Dec 30, 201209:10 AM
Swing Set: Cruising Full Time
A Hostile Environment
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On Friday morning, we called a taxi and made the trip up the Overseas Highway to the Marathon Veterinary Hospital to see Dr. Molly. She gave Holly the "all clear" on her ear infection. Holly's next vet visit will be for her next rabies shot on March 1st, so whatever we do, we will have that fact governing our travels.
We called the taxi for the trip back and had to wait for about 20 minutes. When the taxi arrived, we jumped in the back and away we went. A $5 taxi ride in the Keys does not always take you directly where you want to go; there may be other stops for other passengers, so we weren't surprised to take a detour to pick up another fare in a neighborhood just off the highway, where a young girl jumped in the front passenger seat. Holly took all of this in stride and didn't make a peep, even when the girl turned around to say hello. But when we turned into the drive to the City Marina, Holly saw someone on a bicycle and let loose with some extreme vocal protest that it nearly caused our aged driver to have a heart attack. I don't think using the term heart attack was too much of an exaggeration, the open pack of Lucky Strikes on his dashboard being a good indication of his current health status. We got out none too soon to suit the driver, luckily without being involved in an accident.
We walked past the marina office and checked out. We told them we wanted to fill up with water on our way out and was told there was a boat blocking the water station, but they were almost finished. I said we would watch for them to leave before we came in. Back at the boat, we hoisted up the dinghy and strapped it down for the ride down the Hawk Channel. I knew it was going to be bumpy, but if we didn't go that morning, we may find ourselves in Marathon for another week. By the time we got mostly untied from the mooring ball, I still could see the boat blocking the water station, so I called the marina on the radio. I was told we would be contacted as soon as the boat was out of the way, as they were "taking on water." I took that to mean "filling up with water" and not sinking. Fifteen minutes later, we cast off anyway. I called the Marathon Marina (not to be confused with the City Marina where we were) and told them we were coming in to get fuel and fill up with water. I then called the City Marina and let them know not to contact us, we were going to get our water when we got fuel. Adios, City Marina.
We pulled up to the fuel dock at Marathon Marina, where diesel was going for $3.99 per gallon, not too bad until you consider tax is not included. But you get free ice with a 15-gallon fill up. What a deal. I pumped about 121 gallons of fuel into our tanks and filled up. I then reminded the nice woman attending us that I needed water, too. No problem, she unrolled the hose and we started filling up the 120-gallon water tank. While Rosie was watching the water, I went into the hut to pay. The woman there asked if I knew the water wasn't free, but was 15 cents per gallon. This is after I pumped over $525 dollars worth of liquid gold into Swing Set's tanks. I remarked as to how I didn't know the water wasn't free, which was why I had called about getting fuel and mentioned the water when I did. Well, she let me have the water this time, but would charge us next time. At this point, I asked if the free water was going to take place of the free ice. She looked at me and said, "I like you!" I always said, you never get anything unless you ask for it. We pulled out having a good laugh, and she wished us well on our travels.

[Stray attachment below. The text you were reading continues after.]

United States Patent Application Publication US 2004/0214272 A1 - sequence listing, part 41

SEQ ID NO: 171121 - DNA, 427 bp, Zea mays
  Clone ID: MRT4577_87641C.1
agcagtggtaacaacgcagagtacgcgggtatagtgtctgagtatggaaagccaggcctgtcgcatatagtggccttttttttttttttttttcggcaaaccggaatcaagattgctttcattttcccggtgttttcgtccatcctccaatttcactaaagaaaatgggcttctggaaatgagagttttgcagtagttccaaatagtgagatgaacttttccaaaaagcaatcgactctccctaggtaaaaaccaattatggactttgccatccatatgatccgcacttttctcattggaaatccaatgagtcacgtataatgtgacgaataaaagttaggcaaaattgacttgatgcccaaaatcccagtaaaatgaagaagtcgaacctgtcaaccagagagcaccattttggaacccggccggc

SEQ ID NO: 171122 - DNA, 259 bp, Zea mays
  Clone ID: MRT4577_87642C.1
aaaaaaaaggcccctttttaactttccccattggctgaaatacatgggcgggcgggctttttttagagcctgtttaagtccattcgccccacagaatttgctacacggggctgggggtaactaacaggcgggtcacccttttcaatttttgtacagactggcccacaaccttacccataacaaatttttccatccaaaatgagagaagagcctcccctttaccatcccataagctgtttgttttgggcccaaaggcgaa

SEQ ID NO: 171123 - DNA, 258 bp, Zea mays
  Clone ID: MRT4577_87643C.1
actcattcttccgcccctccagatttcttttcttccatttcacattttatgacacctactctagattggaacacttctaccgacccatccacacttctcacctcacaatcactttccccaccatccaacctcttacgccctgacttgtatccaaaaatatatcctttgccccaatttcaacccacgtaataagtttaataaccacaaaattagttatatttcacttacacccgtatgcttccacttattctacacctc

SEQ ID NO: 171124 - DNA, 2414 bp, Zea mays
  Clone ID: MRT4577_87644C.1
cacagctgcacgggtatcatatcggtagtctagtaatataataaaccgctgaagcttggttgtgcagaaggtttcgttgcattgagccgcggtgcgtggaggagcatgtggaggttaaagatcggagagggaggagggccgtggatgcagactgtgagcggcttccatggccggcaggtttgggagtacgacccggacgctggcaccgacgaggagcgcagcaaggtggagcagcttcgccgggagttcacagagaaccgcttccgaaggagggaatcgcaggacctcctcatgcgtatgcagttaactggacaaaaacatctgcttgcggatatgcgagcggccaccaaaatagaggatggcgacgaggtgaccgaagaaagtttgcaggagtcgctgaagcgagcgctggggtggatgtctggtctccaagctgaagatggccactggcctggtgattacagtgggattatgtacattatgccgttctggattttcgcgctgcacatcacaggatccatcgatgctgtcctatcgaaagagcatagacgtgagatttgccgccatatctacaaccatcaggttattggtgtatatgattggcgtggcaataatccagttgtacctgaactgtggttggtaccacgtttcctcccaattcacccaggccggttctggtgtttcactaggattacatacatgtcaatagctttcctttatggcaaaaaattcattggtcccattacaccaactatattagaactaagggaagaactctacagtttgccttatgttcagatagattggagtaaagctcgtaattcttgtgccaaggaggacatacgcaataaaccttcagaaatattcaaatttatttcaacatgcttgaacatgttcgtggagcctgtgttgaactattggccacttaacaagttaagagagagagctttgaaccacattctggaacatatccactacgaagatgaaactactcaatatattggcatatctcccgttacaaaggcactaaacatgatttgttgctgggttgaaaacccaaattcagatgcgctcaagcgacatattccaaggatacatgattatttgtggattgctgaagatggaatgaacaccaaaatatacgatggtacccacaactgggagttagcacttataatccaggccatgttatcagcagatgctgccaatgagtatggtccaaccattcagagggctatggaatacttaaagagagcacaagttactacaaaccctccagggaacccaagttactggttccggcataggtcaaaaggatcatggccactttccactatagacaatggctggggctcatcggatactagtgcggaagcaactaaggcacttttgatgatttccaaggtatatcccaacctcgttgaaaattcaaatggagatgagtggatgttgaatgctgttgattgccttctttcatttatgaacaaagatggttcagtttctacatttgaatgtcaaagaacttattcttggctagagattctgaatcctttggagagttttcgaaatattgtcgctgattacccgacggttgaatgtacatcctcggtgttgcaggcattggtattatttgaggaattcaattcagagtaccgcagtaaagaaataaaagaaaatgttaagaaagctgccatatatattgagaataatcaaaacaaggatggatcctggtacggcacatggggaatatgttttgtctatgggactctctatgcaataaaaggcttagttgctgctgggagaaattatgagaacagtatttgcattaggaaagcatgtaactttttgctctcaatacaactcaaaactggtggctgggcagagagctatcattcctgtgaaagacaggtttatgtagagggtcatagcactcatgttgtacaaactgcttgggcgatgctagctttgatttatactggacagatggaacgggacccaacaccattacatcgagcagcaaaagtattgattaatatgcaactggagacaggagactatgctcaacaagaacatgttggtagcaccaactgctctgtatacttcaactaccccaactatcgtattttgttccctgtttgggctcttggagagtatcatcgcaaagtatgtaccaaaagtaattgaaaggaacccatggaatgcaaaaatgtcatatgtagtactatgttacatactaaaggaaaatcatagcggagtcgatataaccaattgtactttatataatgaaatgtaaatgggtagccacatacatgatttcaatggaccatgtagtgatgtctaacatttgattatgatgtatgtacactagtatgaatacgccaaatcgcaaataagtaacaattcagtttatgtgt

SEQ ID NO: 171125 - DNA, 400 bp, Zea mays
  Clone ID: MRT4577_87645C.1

Once we got out into the Hawk Channel, the smallish waves were on our port beam were making our ride just a little unpleasant, but the 21 miles to our intended destination at Newfound Harbor was made in no time, partly due to the fact that I put Swing Set on plane for a while to "blow out the dust." After that, I settled back into our normal 8 to 9 miles per hour cruising speed, when Rosie remarked that a "big boat was coming up on our port stern." An 80-footer or so, hard to say, was clipping along at over 25 miles per hour, towing a center console fishing boat that was longer than our boat. I know a Marlow when I see one, and it was a beauty. We had been dodging crab pot markers the whole way, which in part was a reason for a slow speed, but this guy was just blasting them out of the way, making at least a 6-foot wave. When he went past, not too far away, I had just enough time to quickly turn to port and take the huge wake on the bow, nearly stuffing it as I did. I've said before that I don't get humble when I view the large homes of others, but seeing this fabulous boat running at speed made me feel just a little inadequate. Just a little.
Picnic Island is in Newfound Harbor, and a few boats were gathered around it in the shallows. We stayed off in deeper water and took in some of the sun. I was thinking about how fun this little island might be on a weekend and wished we would stay until Monday, but like I said, a cold front was moving in from the north and conditions were going to deteriorate by Saturday night.